HARRISBURG, Pa. – An independent think tank has released a list of ten actions it says the incoming Biden administration could take to support equal rights and protections for the Lesbian, Gay, Bisexual and Transgender community.
From the ban on transgender people serving in the military to administration support for religious exemptions to anti-discrimination laws, many LGBTQ Americans feel they’ve been under attack for the past four years.
But according to Naomi Goldberg, policy director at the Movement Advancement Project or MAP, President-elect Joe Biden can begin restoring protections immediately after he takes office.
“We could see actions at the agency level for housing and health care, and education and the Department of Labor,” said Goldberg, “to make sure that legal protections for LGBTQ people are in place and that the federal government will enforce them.”
MAP also has a list of legislative priorities, beginning with an update to civil rights laws that prohibit discrimination based on a person’s sex, sexual orientation and gender identity.
Goldberg pointed out the Equality Act was first introduced in Congress in March of last year – and has languished since then.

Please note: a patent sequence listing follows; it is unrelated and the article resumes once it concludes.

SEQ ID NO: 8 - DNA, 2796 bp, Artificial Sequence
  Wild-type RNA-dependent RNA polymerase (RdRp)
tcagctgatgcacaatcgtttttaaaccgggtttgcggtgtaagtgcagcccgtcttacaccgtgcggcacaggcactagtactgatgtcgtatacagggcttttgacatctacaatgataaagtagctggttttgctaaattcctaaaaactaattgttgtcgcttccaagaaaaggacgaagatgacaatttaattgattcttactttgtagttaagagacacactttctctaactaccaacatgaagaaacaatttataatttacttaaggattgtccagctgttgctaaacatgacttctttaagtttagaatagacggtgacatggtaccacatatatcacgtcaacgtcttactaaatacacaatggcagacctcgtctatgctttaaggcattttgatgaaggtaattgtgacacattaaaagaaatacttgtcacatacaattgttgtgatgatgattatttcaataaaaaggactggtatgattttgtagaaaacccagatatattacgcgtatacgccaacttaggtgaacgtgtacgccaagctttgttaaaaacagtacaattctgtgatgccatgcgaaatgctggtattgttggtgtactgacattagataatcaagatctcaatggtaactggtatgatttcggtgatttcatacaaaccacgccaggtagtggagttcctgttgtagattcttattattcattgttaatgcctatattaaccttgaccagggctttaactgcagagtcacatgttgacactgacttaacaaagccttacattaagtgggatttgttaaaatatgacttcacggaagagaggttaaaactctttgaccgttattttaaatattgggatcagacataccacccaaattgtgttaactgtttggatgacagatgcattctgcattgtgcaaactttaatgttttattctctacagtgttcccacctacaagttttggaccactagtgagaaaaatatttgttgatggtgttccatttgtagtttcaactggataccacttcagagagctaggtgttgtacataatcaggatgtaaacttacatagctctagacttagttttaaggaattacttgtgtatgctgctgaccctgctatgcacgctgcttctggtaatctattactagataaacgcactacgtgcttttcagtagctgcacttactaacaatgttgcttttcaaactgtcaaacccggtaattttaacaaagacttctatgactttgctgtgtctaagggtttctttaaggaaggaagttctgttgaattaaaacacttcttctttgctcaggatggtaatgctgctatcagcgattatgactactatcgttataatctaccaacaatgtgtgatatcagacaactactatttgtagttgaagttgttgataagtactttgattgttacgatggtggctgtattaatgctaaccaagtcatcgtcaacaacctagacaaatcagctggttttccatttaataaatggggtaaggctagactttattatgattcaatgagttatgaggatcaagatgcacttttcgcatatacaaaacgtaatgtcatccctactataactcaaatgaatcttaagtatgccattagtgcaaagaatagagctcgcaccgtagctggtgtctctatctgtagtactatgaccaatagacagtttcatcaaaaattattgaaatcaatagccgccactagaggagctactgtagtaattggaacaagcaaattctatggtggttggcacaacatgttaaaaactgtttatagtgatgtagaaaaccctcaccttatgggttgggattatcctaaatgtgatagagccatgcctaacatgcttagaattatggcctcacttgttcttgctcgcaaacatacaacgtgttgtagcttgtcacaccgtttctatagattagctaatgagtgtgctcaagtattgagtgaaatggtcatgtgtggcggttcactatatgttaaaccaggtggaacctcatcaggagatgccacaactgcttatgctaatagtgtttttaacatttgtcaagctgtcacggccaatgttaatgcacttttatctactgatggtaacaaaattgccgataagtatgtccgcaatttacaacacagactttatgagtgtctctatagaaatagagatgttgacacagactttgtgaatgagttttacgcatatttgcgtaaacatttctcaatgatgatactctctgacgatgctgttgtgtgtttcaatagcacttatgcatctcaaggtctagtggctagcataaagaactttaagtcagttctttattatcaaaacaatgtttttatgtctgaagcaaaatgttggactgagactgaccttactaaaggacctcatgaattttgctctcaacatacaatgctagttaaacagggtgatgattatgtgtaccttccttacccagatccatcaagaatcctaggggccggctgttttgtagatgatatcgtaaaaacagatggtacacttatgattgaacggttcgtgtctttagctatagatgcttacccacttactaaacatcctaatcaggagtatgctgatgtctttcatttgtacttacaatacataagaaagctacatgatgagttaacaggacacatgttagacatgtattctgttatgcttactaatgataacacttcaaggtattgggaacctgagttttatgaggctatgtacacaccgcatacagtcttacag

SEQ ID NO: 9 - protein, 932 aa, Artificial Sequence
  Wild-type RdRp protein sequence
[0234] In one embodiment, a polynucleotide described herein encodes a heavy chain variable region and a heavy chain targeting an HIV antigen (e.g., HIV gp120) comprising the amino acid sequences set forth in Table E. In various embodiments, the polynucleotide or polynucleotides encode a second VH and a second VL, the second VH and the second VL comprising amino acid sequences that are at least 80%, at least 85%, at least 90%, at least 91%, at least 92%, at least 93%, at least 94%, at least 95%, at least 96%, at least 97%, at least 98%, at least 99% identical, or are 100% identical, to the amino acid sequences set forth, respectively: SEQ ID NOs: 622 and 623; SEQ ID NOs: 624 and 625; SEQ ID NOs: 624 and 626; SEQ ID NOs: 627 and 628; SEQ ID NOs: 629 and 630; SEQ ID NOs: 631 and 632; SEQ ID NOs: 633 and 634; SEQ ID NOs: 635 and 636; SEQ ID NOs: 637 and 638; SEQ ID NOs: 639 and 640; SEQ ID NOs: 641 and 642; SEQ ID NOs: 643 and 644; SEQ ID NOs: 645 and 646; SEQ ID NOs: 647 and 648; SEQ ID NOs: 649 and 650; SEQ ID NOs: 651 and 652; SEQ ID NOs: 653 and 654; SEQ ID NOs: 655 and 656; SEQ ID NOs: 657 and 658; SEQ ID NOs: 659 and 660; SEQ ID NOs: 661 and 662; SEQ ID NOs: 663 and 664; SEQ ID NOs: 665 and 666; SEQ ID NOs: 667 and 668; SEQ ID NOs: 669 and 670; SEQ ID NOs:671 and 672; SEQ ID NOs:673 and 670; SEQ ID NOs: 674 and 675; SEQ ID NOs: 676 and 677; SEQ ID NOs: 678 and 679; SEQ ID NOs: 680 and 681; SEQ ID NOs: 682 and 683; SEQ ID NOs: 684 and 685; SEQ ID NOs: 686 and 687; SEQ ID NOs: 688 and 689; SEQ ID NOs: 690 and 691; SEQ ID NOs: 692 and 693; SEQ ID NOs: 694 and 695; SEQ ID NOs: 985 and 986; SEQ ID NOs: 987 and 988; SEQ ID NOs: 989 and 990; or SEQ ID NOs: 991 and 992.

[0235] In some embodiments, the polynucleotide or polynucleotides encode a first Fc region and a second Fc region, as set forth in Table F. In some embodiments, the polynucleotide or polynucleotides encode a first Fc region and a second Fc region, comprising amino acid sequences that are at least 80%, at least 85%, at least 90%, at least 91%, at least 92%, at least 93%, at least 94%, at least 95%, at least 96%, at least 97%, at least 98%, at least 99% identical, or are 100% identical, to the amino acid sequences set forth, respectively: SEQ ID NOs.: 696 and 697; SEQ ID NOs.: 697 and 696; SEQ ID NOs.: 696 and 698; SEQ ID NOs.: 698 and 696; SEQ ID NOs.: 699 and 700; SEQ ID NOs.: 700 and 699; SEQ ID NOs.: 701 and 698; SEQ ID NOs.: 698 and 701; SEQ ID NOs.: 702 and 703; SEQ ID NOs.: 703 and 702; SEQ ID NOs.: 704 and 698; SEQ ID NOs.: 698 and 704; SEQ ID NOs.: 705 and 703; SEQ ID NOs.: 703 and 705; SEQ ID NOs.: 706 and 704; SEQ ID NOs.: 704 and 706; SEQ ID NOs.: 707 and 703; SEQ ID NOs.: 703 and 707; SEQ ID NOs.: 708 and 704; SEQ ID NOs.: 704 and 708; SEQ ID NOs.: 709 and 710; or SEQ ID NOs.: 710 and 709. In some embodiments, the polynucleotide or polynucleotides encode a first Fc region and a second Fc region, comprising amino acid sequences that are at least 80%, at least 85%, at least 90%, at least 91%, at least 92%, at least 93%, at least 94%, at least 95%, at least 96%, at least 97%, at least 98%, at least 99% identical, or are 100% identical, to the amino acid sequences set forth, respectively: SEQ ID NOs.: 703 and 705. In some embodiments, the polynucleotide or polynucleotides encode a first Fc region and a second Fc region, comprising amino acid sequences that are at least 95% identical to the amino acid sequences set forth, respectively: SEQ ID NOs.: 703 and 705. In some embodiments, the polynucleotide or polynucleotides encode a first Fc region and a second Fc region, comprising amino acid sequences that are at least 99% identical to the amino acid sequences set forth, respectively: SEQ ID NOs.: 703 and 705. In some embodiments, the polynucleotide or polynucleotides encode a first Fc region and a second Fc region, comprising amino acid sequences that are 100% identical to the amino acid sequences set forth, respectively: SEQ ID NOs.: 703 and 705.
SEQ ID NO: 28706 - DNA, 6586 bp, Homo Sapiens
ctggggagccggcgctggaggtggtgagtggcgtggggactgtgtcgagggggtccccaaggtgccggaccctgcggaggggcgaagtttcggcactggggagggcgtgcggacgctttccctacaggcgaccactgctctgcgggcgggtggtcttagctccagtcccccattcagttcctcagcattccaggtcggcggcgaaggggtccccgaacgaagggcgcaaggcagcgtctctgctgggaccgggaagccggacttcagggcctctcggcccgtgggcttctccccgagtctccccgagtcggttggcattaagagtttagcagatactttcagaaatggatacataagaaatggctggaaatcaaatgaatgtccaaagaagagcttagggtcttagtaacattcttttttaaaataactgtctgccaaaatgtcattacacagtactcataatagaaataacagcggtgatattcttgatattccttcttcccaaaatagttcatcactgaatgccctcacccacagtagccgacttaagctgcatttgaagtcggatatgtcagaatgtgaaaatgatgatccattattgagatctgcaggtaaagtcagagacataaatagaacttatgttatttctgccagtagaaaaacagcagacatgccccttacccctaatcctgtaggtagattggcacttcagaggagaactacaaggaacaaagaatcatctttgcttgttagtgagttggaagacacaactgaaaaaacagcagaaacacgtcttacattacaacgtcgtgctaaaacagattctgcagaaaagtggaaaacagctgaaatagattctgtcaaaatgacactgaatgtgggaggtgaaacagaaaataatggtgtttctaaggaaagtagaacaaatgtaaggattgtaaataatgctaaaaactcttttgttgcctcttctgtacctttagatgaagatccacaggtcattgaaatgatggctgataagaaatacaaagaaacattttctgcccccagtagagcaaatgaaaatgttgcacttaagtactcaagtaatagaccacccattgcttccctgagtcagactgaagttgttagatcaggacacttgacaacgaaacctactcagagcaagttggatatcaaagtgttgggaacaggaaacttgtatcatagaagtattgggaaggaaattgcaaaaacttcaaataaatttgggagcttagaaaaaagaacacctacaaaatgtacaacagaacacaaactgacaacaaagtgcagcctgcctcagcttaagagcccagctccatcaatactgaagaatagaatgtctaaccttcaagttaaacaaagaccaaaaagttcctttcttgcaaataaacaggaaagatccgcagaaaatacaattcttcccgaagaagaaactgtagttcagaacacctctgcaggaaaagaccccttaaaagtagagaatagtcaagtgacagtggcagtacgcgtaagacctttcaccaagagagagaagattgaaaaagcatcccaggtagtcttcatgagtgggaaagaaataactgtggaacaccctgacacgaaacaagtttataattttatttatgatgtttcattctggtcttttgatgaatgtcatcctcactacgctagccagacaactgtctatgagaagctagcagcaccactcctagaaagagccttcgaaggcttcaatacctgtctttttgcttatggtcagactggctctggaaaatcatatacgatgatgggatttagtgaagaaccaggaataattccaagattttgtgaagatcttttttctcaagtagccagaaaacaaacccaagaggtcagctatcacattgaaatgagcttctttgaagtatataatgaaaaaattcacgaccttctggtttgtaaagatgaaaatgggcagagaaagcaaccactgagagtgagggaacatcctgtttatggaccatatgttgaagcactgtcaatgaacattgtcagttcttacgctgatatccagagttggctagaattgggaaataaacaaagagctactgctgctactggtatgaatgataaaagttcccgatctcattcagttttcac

“It passed in the House,” said Goldberg. “It’s been waiting to be considered by the Senate and so, if the Georgia election were to tip the balance of the Senate, that is a place where we could see movement.”
Other pending legislation include bills to prohibit discrimination in the child welfare system, and building a diplomatic framework to protect LGBTQ people worldwide.
Goldberg urged anyone who’s been actively engaged in the political process to continue their efforts to protect equal rights – not only at the federal level, but at state and local levels as well.
“The states are often places where progress is happening, even when Congress refuses to act,” said Goldberg. “So, I think there’s lots of places to plug in and make sure that we’re advocating on behalf of the most vulnerable in our communities.”
The group’s complete list of administrative and legislative priorities is online at ‘lgbtmap.org.’